Other objects, features and advantages of the invention will be apparent from the following detailed description taken in connection with the accompanying drawings.
The present invention will be more fully understood by reference to the following detailed description of a preferred embodiment of the present invention when read in conjunction with the accompanying drawing, in which like reference characters refer to like parts throughout the views and in which:
FIG. 1 is an elevational perspective of the motor assembly embodying the present invention;
FIG. 2 is a cross-sectional perspective of the motor assembly taken along line 2--2 of FIG. 1;
FIG. 3 is a partial end perspective of the motor assembly showing the vent passageways;
FIG. 4 is a partial perspective of the motor showing the governor assembly of the present invention;
FIG. 5 is a side view of the governor assembly mounted to the rotor shaft in its at-rest position; and
FIG. 6 is a side view of the governor assembly in its actuated position.
The present invention is directed to a fractional horsepower electric motor assembly as shown in FIGS. 1 through 3 and particularly to a centrifugal governor assembly for an electric motor assembly as shown in FIGS. 4 through 6. Referring first to FIGS. 1 and 2, there is shown a motor assembly 10 embodying the present invention and generally comprising an outer housing 12 having a rotor shaft 14 extending therethrough. The housing 12 includes an outer shell 16 and end walls 18 and 20 adapted to retain and support the rotor shaft 14. In use, the end wall 18 will be attached to a pump housing such that the threaded end 22 of the rotor shaft 14 can be utilized to drive a pump impeller or the like. The other end of the shaft 14 extends into the end bell of the motor assembly 10 which houses the control components for the motor assembly 10 as will be subsequently described. The motor assembly 10 is of the type normally defined as a single phase motor which can efficiently operate on a single winding. However, because of the energy needed to start the motor, a second start winding is utilized in conjunction with the run winding to initially operate the motor. Once the motor has reached a predetermined rotational speed, the start winding can be shut down such that the motor assembly 10 operates as a single phase motor.
Referring now to FIGS. 1 through 3, attached to the end of the motor housing 12 is an end bell cover 24 which provides the dual function of enclosing the control components 26 while also providing indirect venting of the motor assembly 10. While in past known motor assemblies the outer shell has been provided with a series of vent openings, it has been found that this unduly increases the size of the motor housing in order to meet regulatory requirements. In the present invention, the end wall 20 is provided with a plurality of vent openings 28 which communicate with the end bell cover 24. Accordingly, the end bell cover 24 is provided with a substantially U-shaped, indirect vent passageway 30 which provides communication between the exterior of the motor assembly 10 and the interior of the motor housing 12 in order to ensure proper cooling of the stator assembly 32 while preventing water and the like from reaching the windings. In a preferred embodiment, the vent openings 28 and the vent passageways are formed on only the lower half of the motor assembly 10 in order to provide sufficient space for the control components 26 as shown in FIGS. 2 and 3.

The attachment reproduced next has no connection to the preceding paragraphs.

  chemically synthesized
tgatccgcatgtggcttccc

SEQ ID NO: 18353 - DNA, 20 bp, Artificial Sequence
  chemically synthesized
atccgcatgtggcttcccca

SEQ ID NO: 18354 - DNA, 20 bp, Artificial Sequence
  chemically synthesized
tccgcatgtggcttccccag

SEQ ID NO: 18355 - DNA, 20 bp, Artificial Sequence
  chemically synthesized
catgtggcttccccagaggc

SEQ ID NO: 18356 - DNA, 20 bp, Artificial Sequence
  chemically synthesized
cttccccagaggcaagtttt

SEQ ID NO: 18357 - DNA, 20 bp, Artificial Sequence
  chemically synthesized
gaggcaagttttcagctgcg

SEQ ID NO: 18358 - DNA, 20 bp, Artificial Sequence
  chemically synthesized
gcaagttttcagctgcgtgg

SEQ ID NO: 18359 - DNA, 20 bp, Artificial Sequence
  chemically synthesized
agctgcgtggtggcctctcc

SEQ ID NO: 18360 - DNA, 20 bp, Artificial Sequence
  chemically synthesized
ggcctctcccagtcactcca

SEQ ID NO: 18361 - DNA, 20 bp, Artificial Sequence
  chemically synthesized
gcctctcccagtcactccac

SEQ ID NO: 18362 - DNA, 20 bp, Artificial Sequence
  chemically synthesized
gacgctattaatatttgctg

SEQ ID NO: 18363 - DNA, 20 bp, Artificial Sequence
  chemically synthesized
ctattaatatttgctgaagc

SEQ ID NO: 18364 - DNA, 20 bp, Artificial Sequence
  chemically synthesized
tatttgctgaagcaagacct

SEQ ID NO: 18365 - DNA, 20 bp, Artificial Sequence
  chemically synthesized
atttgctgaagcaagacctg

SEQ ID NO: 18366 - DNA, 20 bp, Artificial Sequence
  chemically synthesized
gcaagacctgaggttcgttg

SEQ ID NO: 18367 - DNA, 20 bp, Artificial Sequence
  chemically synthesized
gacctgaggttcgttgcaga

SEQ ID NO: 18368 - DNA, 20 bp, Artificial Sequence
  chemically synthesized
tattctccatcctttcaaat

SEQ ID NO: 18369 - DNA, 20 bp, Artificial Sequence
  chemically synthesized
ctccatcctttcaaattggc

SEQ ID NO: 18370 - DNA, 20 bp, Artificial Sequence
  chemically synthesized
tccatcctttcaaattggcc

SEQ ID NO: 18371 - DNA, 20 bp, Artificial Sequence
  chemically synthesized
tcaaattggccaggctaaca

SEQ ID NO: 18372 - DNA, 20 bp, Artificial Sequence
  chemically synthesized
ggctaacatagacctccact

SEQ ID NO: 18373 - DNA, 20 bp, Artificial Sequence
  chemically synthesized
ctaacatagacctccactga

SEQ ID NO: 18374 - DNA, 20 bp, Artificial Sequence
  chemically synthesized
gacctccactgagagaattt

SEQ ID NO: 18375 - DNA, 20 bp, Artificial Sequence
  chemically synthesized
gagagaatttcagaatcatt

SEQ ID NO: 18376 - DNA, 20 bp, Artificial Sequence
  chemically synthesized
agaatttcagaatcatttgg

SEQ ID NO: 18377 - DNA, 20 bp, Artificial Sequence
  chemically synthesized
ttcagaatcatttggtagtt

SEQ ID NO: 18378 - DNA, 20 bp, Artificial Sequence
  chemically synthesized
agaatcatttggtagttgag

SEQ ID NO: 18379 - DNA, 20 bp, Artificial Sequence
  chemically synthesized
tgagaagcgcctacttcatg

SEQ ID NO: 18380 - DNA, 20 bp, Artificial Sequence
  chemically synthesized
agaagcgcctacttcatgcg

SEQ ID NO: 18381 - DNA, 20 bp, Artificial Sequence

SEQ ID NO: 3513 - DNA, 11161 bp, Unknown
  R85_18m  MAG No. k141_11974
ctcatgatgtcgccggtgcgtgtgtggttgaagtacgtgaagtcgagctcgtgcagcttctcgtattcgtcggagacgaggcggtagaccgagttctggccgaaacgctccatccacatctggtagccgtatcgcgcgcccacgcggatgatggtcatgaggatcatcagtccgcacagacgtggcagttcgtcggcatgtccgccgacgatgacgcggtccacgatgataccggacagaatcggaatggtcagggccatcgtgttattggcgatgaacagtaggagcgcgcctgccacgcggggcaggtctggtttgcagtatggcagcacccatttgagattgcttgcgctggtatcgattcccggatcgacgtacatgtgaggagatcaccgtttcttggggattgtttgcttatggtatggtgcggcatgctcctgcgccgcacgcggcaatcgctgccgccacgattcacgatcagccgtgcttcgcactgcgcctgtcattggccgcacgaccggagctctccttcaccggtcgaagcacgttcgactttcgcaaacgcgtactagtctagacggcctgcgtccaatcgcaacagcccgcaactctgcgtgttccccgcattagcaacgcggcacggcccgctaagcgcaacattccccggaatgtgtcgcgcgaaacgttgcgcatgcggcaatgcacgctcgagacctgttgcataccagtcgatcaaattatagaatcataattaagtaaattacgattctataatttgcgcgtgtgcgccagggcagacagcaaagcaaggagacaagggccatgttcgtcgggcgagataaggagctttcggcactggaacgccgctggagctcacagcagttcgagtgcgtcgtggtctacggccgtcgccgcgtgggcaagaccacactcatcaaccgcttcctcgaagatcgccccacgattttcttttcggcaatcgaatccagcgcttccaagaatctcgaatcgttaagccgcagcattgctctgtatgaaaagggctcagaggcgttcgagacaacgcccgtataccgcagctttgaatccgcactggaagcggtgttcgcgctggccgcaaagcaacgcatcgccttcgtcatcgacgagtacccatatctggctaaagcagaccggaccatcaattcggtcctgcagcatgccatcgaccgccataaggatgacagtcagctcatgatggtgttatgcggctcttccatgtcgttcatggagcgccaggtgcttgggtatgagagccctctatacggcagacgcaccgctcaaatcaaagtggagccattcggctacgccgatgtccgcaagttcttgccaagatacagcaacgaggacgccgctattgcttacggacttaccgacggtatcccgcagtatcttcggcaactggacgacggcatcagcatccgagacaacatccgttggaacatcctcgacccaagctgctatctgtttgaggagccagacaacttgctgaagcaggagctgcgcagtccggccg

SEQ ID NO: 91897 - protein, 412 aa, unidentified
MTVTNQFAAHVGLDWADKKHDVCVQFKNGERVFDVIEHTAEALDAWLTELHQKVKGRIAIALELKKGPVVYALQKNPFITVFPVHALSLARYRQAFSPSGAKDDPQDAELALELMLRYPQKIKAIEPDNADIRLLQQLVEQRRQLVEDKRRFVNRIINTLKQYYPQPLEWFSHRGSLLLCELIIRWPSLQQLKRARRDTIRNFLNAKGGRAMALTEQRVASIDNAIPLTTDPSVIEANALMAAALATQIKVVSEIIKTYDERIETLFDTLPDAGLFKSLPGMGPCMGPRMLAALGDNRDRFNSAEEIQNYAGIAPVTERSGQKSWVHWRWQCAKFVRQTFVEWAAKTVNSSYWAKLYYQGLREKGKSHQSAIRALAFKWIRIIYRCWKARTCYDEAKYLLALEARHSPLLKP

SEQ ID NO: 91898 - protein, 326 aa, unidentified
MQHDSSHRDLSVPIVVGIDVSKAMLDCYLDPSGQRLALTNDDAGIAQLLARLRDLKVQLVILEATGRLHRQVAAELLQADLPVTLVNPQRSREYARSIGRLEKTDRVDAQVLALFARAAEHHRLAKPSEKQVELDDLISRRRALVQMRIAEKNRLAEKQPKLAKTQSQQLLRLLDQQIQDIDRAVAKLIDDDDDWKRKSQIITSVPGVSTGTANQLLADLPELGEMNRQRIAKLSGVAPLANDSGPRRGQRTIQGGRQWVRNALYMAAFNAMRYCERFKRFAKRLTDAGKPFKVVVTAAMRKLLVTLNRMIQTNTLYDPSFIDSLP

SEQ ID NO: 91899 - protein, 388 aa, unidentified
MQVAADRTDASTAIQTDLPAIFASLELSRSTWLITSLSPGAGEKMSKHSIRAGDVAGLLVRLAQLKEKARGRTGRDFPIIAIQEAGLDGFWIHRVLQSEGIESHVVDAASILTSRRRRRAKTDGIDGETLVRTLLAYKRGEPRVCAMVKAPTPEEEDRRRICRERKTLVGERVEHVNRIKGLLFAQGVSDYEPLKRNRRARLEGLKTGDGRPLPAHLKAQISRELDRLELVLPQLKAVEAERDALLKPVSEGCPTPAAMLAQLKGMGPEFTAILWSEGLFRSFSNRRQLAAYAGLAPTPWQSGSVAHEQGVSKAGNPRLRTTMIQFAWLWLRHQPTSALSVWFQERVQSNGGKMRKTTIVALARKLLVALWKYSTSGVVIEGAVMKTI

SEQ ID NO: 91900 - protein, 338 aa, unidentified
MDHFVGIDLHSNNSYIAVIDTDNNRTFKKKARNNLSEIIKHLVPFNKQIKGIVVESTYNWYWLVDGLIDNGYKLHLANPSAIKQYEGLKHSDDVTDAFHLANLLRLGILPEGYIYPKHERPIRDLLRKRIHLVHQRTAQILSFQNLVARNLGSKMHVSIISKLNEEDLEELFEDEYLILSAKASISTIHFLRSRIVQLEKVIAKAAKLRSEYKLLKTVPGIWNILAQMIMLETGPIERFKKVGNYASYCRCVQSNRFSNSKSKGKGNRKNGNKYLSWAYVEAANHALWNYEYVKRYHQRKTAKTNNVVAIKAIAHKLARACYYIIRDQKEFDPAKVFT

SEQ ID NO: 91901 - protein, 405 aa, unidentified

FIG. 2 shows the interior components of the motor assembly 10 including the stator assembly 32 and the rotor shaft 14 which extends through the housing 12 and is supported by the end walls 18 and 20. Housed within the end bell cover 24, in a compartment 34 which is isolated from the vent passageway 30, are the control components 26 for the motor 10. In the preferred embodiment of the present invention, the components 26 are mounted in proximity to the rotor shaft 14 such that mounting hardware is minimized thereby reducing assembly time and simplifying repair and replacement of the components 26. Generally, the control components 26 include a terminal board 36, a switch 38, a capacitor 40, and a governor assembly 50. The terminal board 36 is the only component directly secured to the motor assembly. In the embodiment shown, the end wall 20 includes at least one mounting arm 42 integrally formed therewith and extending substantially perpendicular to the wall 20. Preferably, the arm 42 includes a tapped hole adapted to receive a mounting bolt 44 utilized to secure the terminal board 36 to the arm 42. Mounted to the terminal board 36 is the actuator switch 38. The body of the switch 38 is disposed on one side of the board 36 while the spring-biased actuator pin 46 is disposed on the opposing side. The switch 38 is mounted to the board 36 such that the pin 46 is axially aligned with the rotor shaft 14 and in contact with the governor assembly 50 as will be subsequently described. In addition, the terminal board 36 positionally maintains the capacitor 40 by sandwiching the capacitor 40 between the board 36 and the end wall 20. As a result, no hardware is required to retain the capacitor 40 although removal of the terminal board 36 will cause the capacitor 40 to fall out of position. Thus, the arrangement of the control components 26 reduces space requirements within the end bell 24 while also reducing manufacturing and repair costs and the overall weight of the motor assembly 10.